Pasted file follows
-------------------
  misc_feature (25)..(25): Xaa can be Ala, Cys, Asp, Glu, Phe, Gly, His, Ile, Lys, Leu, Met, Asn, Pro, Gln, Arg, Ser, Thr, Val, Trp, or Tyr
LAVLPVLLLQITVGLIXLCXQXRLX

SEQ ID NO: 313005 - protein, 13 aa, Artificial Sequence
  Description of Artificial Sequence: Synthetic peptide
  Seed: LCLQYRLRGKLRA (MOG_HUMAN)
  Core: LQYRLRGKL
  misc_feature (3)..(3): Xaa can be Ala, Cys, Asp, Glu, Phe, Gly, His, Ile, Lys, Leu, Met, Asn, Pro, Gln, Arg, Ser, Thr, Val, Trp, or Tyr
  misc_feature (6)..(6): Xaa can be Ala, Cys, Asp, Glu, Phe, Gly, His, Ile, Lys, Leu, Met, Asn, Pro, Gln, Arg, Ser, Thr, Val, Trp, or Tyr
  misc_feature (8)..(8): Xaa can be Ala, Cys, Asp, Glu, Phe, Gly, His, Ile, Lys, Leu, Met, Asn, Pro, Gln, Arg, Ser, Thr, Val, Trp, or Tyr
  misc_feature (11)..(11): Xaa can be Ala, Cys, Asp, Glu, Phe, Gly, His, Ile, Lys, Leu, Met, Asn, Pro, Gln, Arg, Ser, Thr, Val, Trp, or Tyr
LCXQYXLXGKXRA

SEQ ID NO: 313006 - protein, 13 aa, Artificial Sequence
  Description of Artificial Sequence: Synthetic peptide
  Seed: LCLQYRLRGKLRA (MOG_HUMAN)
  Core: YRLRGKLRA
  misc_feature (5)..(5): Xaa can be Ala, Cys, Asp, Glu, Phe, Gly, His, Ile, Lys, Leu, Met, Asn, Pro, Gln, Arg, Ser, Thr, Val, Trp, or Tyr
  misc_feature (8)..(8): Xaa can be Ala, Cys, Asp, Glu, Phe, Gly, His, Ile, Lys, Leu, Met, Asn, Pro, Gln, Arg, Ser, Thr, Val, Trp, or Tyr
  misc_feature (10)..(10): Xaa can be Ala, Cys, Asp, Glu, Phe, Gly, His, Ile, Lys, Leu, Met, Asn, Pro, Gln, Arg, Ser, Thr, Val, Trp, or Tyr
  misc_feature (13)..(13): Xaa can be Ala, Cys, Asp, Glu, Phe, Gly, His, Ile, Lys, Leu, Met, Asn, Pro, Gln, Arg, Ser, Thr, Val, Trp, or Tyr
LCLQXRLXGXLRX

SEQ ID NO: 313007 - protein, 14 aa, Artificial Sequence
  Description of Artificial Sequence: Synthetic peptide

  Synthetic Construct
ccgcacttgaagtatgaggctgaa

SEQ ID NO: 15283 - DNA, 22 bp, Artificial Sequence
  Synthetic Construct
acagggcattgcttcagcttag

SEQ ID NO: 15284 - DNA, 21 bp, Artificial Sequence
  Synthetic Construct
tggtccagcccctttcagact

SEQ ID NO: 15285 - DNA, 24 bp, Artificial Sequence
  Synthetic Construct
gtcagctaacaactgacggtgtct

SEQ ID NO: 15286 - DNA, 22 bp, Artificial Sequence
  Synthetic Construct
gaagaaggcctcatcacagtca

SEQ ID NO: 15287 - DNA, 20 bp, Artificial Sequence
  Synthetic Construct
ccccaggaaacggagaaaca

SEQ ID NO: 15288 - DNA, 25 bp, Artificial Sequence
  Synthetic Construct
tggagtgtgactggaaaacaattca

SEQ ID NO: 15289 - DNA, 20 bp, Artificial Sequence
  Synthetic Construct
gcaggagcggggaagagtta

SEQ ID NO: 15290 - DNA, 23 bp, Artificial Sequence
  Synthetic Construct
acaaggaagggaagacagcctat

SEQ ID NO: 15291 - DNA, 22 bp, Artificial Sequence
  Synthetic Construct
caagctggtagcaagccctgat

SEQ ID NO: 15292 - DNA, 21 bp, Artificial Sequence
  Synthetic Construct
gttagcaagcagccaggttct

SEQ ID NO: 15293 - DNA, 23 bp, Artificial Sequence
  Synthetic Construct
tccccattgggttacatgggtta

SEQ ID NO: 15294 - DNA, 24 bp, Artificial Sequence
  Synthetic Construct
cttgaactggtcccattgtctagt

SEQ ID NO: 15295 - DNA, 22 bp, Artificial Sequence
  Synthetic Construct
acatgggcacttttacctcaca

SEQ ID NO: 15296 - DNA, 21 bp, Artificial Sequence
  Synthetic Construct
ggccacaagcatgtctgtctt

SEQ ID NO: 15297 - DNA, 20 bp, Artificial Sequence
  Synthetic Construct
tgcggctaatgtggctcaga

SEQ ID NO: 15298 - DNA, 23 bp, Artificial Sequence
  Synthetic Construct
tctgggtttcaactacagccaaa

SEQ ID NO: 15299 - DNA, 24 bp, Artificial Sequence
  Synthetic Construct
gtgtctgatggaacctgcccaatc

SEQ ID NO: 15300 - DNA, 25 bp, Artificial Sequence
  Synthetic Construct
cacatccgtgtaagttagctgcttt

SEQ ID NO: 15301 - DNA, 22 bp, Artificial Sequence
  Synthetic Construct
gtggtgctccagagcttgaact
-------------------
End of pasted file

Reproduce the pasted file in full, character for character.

  misc_feature (25)..(25): Xaa can be Ala, Cys, Asp, Glu, Phe, Gly, His, Ile, Lys, Leu, Met, Asn, Pro, Gln, Arg, Ser, Thr, Val, Trp, or Tyr
LAVLPVLLLQITVGLIXLCXQXRLX

SEQ ID NO: 313005 - protein, 13 aa, Artificial Sequence
  Description of Artificial Sequence: Synthetic peptide
  Seed: LCLQYRLRGKLRA (MOG_HUMAN)
  Core: LQYRLRGKL
  misc_feature (3)..(3): Xaa can be Ala, Cys, Asp, Glu, Phe, Gly, His, Ile, Lys, Leu, Met, Asn, Pro, Gln, Arg, Ser, Thr, Val, Trp, or Tyr
  misc_feature (6)..(6): Xaa can be Ala, Cys, Asp, Glu, Phe, Gly, His, Ile, Lys, Leu, Met, Asn, Pro, Gln, Arg, Ser, Thr, Val, Trp, or Tyr
  misc_feature (8)..(8): Xaa can be Ala, Cys, Asp, Glu, Phe, Gly, His, Ile, Lys, Leu, Met, Asn, Pro, Gln, Arg, Ser, Thr, Val, Trp, or Tyr
  misc_feature (11)..(11): Xaa can be Ala, Cys, Asp, Glu, Phe, Gly, His, Ile, Lys, Leu, Met, Asn, Pro, Gln, Arg, Ser, Thr, Val, Trp, or Tyr
LCXQYXLXGKXRA

SEQ ID NO: 313006 - protein, 13 aa, Artificial Sequence
  Description of Artificial Sequence: Synthetic peptide
  Seed: LCLQYRLRGKLRA (MOG_HUMAN)
  Core: YRLRGKLRA
  misc_feature (5)..(5): Xaa can be Ala, Cys, Asp, Glu, Phe, Gly, His, Ile, Lys, Leu, Met, Asn, Pro, Gln, Arg, Ser, Thr, Val, Trp, or Tyr
  misc_feature (8)..(8): Xaa can be Ala, Cys, Asp, Glu, Phe, Gly, His, Ile, Lys, Leu, Met, Asn, Pro, Gln, Arg, Ser, Thr, Val, Trp, or Tyr
  misc_feature (10)..(10): Xaa can be Ala, Cys, Asp, Glu, Phe, Gly, His, Ile, Lys, Leu, Met, Asn, Pro, Gln, Arg, Ser, Thr, Val, Trp, or Tyr
  misc_feature (13)..(13): Xaa can be Ala, Cys, Asp, Glu, Phe, Gly, His, Ile, Lys, Leu, Met, Asn, Pro, Gln, Arg, Ser, Thr, Val, Trp, or Tyr
LCLQXRLXGXLRX

SEQ ID NO: 313007 - protein, 14 aa, Artificial Sequence
  Description of Artificial Sequence: Synthetic peptide

  Synthetic Construct
ccgcacttgaagtatgaggctgaa

SEQ ID NO: 15283 - DNA, 22 bp, Artificial Sequence
  Synthetic Construct
acagggcattgcttcagcttag

SEQ ID NO: 15284 - DNA, 21 bp, Artificial Sequence
  Synthetic Construct
tggtccagcccctttcagact

SEQ ID NO: 15285 - DNA, 24 bp, Artificial Sequence
  Synthetic Construct
gtcagctaacaactgacggtgtct

SEQ ID NO: 15286 - DNA, 22 bp, Artificial Sequence
  Synthetic Construct
gaagaaggcctcatcacagtca

SEQ ID NO: 15287 - DNA, 20 bp, Artificial Sequence
  Synthetic Construct
ccccaggaaacggagaaaca

SEQ ID NO: 15288 - DNA, 25 bp, Artificial Sequence
  Synthetic Construct
tggagtgtgactggaaaacaattca

SEQ ID NO: 15289 - DNA, 20 bp, Artificial Sequence
  Synthetic Construct
gcaggagcggggaagagtta

SEQ ID NO: 15290 - DNA, 23 bp, Artificial Sequence
  Synthetic Construct
acaaggaagggaagacagcctat

SEQ ID NO: 15291 - DNA, 22 bp, Artificial Sequence
  Synthetic Construct
caagctggtagcaagccctgat

SEQ ID NO: 15292 - DNA, 21 bp, Artificial Sequence
  Synthetic Construct
gttagcaagcagccaggttct

SEQ ID NO: 15293 - DNA, 23 bp, Artificial Sequence
  Synthetic Construct
tccccattgggttacatgggtta

SEQ ID NO: 15294 - DNA, 24 bp, Artificial Sequence
  Synthetic Construct
cttgaactggtcccattgtctagt

SEQ ID NO: 15295 - DNA, 22 bp, Artificial Sequence
  Synthetic Construct
acatgggcacttttacctcaca

SEQ ID NO: 15296 - DNA, 21 bp, Artificial Sequence
  Synthetic Construct
ggccacaagcatgtctgtctt

SEQ ID NO: 15297 - DNA, 20 bp, Artificial Sequence
  Synthetic Construct
tgcggctaatgtggctcaga

SEQ ID NO: 15298 - DNA, 23 bp, Artificial Sequence
  Synthetic Construct
tctgggtttcaactacagccaaa

SEQ ID NO: 15299 - DNA, 24 bp, Artificial Sequence
  Synthetic Construct
gtgtctgatggaacctgcccaatc

SEQ ID NO: 15300 - DNA, 25 bp, Artificial Sequence
  Synthetic Construct
cacatccgtgtaagttagctgcttt

SEQ ID NO: 15301 - DNA, 22 bp, Artificial Sequence
  Synthetic Construct
gtggtgctccagagcttgaact